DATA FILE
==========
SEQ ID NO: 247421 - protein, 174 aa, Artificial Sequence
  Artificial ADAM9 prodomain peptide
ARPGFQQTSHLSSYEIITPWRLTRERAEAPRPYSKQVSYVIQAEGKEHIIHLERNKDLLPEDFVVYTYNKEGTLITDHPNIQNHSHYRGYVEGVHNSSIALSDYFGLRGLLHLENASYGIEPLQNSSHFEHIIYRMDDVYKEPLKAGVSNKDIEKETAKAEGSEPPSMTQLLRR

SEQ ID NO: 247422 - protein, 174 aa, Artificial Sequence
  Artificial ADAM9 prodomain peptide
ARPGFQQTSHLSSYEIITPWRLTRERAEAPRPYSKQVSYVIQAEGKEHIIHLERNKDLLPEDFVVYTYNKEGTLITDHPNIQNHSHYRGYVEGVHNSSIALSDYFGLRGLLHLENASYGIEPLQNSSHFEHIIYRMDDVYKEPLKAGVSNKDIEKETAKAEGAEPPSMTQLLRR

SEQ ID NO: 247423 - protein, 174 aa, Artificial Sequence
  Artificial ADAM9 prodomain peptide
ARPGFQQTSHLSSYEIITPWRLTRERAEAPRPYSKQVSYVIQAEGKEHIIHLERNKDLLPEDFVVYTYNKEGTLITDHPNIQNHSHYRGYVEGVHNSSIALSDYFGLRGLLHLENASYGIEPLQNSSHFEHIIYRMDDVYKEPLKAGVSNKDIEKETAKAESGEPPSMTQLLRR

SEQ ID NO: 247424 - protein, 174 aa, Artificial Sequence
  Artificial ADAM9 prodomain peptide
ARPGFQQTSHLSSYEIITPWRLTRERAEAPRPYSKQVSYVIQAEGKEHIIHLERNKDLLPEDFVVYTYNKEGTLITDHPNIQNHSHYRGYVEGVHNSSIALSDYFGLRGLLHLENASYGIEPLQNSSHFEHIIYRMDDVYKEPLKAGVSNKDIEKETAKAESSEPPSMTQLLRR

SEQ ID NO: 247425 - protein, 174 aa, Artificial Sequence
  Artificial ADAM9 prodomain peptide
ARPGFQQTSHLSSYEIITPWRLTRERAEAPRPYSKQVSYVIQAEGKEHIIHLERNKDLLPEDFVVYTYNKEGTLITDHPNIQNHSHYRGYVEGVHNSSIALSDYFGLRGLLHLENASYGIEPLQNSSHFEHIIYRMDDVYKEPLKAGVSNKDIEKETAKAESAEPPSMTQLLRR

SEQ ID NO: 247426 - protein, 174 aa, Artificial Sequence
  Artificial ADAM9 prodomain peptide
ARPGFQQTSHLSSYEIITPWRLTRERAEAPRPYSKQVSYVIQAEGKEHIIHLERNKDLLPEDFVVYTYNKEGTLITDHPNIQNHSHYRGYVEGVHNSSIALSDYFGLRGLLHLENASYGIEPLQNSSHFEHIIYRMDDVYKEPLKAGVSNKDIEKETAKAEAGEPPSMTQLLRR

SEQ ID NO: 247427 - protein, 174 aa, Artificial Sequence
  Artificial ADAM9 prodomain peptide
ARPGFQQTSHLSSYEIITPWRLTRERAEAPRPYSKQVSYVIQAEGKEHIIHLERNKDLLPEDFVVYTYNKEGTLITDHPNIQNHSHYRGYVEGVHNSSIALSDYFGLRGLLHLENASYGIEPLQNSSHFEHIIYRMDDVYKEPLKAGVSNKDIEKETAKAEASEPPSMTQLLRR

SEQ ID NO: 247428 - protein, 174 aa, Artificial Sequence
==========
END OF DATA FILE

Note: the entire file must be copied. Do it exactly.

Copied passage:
SEQ ID NO: 247421 - protein, 174 aa, Artificial Sequence
  Artificial ADAM9 prodomain peptide
ARPGFQQTSHLSSYEIITPWRLTRERAEAPRPYSKQVSYVIQAEGKEHIIHLERNKDLLPEDFVVYTYNKEGTLITDHPNIQNHSHYRGYVEGVHNSSIALSDYFGLRGLLHLENASYGIEPLQNSSHFEHIIYRMDDVYKEPLKAGVSNKDIEKETAKAEGSEPPSMTQLLRR

SEQ ID NO: 247422 - protein, 174 aa, Artificial Sequence
  Artificial ADAM9 prodomain peptide
ARPGFQQTSHLSSYEIITPWRLTRERAEAPRPYSKQVSYVIQAEGKEHIIHLERNKDLLPEDFVVYTYNKEGTLITDHPNIQNHSHYRGYVEGVHNSSIALSDYFGLRGLLHLENASYGIEPLQNSSHFEHIIYRMDDVYKEPLKAGVSNKDIEKETAKAEGAEPPSMTQLLRR

SEQ ID NO: 247423 - protein, 174 aa, Artificial Sequence
  Artificial ADAM9 prodomain peptide
ARPGFQQTSHLSSYEIITPWRLTRERAEAPRPYSKQVSYVIQAEGKEHIIHLERNKDLLPEDFVVYTYNKEGTLITDHPNIQNHSHYRGYVEGVHNSSIALSDYFGLRGLLHLENASYGIEPLQNSSHFEHIIYRMDDVYKEPLKAGVSNKDIEKETAKAESGEPPSMTQLLRR

SEQ ID NO: 247424 - protein, 174 aa, Artificial Sequence
  Artificial ADAM9 prodomain peptide
ARPGFQQTSHLSSYEIITPWRLTRERAEAPRPYSKQVSYVIQAEGKEHIIHLERNKDLLPEDFVVYTYNKEGTLITDHPNIQNHSHYRGYVEGVHNSSIALSDYFGLRGLLHLENASYGIEPLQNSSHFEHIIYRMDDVYKEPLKAGVSNKDIEKETAKAESSEPPSMTQLLRR

SEQ ID NO: 247425 - protein, 174 aa, Artificial Sequence
  Artificial ADAM9 prodomain peptide
ARPGFQQTSHLSSYEIITPWRLTRERAEAPRPYSKQVSYVIQAEGKEHIIHLERNKDLLPEDFVVYTYNKEGTLITDHPNIQNHSHYRGYVEGVHNSSIALSDYFGLRGLLHLENASYGIEPLQNSSHFEHIIYRMDDVYKEPLKAGVSNKDIEKETAKAESAEPPSMTQLLRR

SEQ ID NO: 247426 - protein, 174 aa, Artificial Sequence
  Artificial ADAM9 prodomain peptide
ARPGFQQTSHLSSYEIITPWRLTRERAEAPRPYSKQVSYVIQAEGKEHIIHLERNKDLLPEDFVVYTYNKEGTLITDHPNIQNHSHYRGYVEGVHNSSIALSDYFGLRGLLHLENASYGIEPLQNSSHFEHIIYRMDDVYKEPLKAGVSNKDIEKETAKAEAGEPPSMTQLLRR

SEQ ID NO: 247427 - protein, 174 aa, Artificial Sequence
  Artificial ADAM9 prodomain peptide
ARPGFQQTSHLSSYEIITPWRLTRERAEAPRPYSKQVSYVIQAEGKEHIIHLERNKDLLPEDFVVYTYNKEGTLITDHPNIQNHSHYRGYVEGVHNSSIALSDYFGLRGLLHLENASYGIEPLQNSSHFEHIIYRMDDVYKEPLKAGVSNKDIEKETAKAEASEPPSMTQLLRR

SEQ ID NO: 247428 - protein, 174 aa, Artificial Sequence